Changes in Eclipse 3.4 Ganymede

Eclipse is the platform of choice for Java programmers. It was created by IBM to improve the state of art in the area of IDEs for Java developers, but it has gained ground in much more than just Java development. Nowadays, Eclipse is used for a host of programming languages, such as C++, PHP, Python, and even Lisp.

Eclipse's power comes from extensibility. The same tactic used by editors such as Emacs or Textmate is used by Eclipse: having a standard language (in this case Java) used to extend the environment in ways that were never imagined by its creators. The extensibility of Eclipse comes in the form of plug-ins, pieces of functionality that you can easily add.

For example, to add support for a new language, such as C++, you just need to search for a web-site providing the plug in (in this case the set of plugins is called the CDT (C++ development toolset)). Then, Eclipse can be used to load the plugin, and provide all functionality in the next time the program is loaded.

Improvements in Ganymede

The new version of Eclipse provides usability improvements, such as a new breadcrumb tool bar. This tool bar is able to track the exact packages, classes, and methods that are edited at some moment, so that it is easier to change the location to edit. This feature will help to improved editing in a way similar to the tool bar of Visual Studio, which allows one to jump inside the current file to a specific method. The new version has also a new interface to add and retrieve plug ins, which make it easier to add new features to the system.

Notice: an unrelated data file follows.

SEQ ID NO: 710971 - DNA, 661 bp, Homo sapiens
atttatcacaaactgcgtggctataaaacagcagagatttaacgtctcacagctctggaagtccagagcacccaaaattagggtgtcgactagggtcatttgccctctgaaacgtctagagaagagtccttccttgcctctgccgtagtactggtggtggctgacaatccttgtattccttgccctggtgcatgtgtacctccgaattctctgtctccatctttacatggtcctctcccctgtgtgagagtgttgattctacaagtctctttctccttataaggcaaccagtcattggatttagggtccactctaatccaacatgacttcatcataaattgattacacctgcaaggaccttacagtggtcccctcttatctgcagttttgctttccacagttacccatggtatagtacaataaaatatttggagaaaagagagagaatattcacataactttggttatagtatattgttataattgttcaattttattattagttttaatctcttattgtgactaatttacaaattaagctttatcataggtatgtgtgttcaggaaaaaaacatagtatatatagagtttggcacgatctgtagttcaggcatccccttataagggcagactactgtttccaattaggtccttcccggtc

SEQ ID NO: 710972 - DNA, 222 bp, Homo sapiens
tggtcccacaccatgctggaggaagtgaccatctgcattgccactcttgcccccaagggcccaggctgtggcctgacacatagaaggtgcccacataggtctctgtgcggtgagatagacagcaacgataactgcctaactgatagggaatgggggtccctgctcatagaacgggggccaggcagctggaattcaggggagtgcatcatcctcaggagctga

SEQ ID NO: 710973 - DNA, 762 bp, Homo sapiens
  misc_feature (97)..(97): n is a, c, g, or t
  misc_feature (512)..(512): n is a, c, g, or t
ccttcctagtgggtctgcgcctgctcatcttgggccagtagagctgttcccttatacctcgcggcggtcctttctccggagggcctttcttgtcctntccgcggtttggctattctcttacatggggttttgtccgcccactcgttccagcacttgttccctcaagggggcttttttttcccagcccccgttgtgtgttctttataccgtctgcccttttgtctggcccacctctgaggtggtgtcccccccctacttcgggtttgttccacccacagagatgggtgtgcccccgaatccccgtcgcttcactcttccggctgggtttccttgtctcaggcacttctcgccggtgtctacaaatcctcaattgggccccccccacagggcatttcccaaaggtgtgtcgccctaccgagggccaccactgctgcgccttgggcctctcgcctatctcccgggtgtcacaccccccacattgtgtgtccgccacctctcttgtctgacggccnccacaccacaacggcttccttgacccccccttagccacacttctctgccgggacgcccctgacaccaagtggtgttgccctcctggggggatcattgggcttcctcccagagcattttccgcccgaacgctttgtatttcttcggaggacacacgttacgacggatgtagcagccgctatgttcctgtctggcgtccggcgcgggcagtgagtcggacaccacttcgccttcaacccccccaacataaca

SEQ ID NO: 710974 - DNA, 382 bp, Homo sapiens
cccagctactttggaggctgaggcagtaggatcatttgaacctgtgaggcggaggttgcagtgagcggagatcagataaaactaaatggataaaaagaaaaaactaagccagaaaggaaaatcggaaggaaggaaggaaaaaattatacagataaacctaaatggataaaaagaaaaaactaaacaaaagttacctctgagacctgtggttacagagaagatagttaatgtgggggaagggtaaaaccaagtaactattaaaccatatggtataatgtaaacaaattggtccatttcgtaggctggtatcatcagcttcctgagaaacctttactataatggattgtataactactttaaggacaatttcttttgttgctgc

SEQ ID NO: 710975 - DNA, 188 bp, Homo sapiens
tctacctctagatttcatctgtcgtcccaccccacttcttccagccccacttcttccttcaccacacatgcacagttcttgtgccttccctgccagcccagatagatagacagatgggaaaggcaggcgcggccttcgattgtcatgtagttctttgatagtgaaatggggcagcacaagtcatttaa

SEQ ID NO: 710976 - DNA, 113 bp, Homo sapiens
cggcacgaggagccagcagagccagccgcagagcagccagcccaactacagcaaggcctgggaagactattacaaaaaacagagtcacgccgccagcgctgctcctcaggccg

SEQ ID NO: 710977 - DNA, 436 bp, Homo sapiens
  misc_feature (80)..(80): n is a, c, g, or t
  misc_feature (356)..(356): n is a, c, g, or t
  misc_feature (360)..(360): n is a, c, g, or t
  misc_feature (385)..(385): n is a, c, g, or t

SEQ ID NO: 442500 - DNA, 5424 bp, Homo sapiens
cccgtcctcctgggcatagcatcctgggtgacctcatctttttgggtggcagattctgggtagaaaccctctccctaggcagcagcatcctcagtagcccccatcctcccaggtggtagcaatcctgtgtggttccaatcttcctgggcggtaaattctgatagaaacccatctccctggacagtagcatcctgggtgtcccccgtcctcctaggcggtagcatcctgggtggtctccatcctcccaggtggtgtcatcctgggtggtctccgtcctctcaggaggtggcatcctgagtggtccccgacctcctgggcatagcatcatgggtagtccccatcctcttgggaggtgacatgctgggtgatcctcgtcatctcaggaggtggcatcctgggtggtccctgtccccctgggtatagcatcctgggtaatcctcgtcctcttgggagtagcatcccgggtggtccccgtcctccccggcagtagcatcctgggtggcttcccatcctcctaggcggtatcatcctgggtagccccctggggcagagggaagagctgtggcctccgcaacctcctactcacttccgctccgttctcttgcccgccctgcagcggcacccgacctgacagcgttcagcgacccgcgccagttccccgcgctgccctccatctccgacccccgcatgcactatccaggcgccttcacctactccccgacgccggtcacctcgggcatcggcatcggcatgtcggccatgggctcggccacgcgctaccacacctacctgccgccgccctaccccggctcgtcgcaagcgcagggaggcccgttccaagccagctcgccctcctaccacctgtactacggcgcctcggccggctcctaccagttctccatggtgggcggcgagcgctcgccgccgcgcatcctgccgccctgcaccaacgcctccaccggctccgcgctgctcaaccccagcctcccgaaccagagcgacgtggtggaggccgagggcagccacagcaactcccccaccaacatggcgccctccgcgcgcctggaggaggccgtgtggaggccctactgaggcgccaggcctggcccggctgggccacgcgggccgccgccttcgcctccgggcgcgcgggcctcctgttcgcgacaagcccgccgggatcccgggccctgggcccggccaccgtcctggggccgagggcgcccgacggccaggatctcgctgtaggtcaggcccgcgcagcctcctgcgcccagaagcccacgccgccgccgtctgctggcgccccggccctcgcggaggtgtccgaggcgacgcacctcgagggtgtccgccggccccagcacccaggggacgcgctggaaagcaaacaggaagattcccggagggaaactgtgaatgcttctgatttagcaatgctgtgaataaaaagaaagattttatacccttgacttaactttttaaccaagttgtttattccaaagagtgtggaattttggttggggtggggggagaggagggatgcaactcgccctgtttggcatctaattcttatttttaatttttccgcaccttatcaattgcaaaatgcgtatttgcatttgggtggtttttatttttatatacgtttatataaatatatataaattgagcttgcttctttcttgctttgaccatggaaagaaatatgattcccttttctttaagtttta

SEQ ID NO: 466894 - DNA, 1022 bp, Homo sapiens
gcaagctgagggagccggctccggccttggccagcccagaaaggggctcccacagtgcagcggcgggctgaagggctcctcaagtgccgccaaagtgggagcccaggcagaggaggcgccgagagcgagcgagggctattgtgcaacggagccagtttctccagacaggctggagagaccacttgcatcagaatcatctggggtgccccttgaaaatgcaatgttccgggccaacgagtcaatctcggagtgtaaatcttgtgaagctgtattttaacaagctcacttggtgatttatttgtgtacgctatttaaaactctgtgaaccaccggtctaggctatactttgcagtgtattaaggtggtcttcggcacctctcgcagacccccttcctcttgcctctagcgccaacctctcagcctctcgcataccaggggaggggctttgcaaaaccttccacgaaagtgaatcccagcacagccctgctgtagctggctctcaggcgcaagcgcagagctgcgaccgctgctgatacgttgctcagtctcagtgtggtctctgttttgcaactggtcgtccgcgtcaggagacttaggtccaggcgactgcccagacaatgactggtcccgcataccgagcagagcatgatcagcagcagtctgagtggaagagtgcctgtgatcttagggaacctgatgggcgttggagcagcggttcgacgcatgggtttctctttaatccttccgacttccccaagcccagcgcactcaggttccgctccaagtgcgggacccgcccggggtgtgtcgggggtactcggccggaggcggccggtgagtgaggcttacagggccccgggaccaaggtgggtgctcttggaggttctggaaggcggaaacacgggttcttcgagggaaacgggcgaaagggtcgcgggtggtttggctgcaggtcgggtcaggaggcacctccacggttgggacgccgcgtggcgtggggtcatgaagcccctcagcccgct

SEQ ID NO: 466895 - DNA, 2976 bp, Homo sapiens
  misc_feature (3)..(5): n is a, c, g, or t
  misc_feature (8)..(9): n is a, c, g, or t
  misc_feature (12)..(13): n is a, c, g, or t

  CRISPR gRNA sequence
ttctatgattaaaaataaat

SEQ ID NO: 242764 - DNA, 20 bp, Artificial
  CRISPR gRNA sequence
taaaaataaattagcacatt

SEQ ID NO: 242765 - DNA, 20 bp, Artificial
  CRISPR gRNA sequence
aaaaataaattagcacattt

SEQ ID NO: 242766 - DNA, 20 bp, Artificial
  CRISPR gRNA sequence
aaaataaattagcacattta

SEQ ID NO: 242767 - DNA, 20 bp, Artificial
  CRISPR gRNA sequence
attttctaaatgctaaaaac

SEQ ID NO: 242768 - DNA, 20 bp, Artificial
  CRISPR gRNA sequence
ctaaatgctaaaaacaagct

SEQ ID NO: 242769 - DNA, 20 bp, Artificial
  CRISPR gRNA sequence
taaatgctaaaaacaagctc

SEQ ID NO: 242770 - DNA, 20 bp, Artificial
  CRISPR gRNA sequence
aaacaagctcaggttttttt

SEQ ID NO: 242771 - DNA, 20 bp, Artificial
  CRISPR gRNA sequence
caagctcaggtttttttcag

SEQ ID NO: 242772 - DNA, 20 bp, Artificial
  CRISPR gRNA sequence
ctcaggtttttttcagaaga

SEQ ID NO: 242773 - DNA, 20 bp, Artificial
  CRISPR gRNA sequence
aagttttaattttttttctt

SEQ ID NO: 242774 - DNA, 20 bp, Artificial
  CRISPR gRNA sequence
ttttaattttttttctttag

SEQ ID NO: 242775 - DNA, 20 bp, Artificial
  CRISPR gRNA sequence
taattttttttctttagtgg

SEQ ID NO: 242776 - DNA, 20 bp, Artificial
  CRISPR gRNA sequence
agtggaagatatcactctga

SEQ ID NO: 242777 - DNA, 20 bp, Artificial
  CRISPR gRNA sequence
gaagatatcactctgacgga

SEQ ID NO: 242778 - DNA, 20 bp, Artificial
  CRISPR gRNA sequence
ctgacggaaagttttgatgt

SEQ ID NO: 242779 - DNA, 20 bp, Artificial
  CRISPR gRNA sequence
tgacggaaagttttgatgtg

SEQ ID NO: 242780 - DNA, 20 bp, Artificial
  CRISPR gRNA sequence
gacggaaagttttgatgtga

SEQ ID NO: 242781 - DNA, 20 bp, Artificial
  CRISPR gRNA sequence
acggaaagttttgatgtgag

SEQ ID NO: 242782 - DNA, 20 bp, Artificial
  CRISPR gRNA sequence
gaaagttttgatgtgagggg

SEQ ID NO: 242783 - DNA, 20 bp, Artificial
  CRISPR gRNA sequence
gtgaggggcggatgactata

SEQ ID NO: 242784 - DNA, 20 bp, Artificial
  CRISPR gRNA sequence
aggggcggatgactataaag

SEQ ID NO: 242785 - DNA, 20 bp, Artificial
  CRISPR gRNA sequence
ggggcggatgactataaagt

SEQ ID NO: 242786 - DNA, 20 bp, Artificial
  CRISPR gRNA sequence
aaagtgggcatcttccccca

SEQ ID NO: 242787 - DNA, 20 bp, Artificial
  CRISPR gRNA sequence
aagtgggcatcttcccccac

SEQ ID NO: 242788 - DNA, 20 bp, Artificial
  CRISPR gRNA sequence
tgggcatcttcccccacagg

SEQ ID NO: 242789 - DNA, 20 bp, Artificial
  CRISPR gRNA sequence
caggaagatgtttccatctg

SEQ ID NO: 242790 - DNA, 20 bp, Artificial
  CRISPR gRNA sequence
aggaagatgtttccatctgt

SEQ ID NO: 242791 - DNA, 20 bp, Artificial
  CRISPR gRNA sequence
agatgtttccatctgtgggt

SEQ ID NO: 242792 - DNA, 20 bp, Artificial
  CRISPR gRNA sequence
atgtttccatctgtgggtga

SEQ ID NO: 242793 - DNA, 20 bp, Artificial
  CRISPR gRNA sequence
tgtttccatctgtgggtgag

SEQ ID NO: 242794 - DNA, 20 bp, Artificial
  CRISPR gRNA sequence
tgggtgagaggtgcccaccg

The Eclipse developers have also worked hard to improve speed and stability of the new version of the software. It is nice to see that these changes have improved even more the response time of Eclipse, which has suffered a little in the past due to performance problems with Java virtual machines. The new versions of Eclipse, however, are almost as responsible as any other native application written in C++. And, even more important, they are easier to extend due to the capabilities of Java.

Almost all existing plugins for Eclipse will work on the new Ganymede version, which is named after the moon of Jupiter. A few plugins that don't comply with the changes in Eclipse are in the process of being updated by authors. Moreover, the process of installing plugins has been somewhat simplified, so it will be easier to ever to extend Eclipse for your needs.

Article created on 2008-08-25 22:52:02

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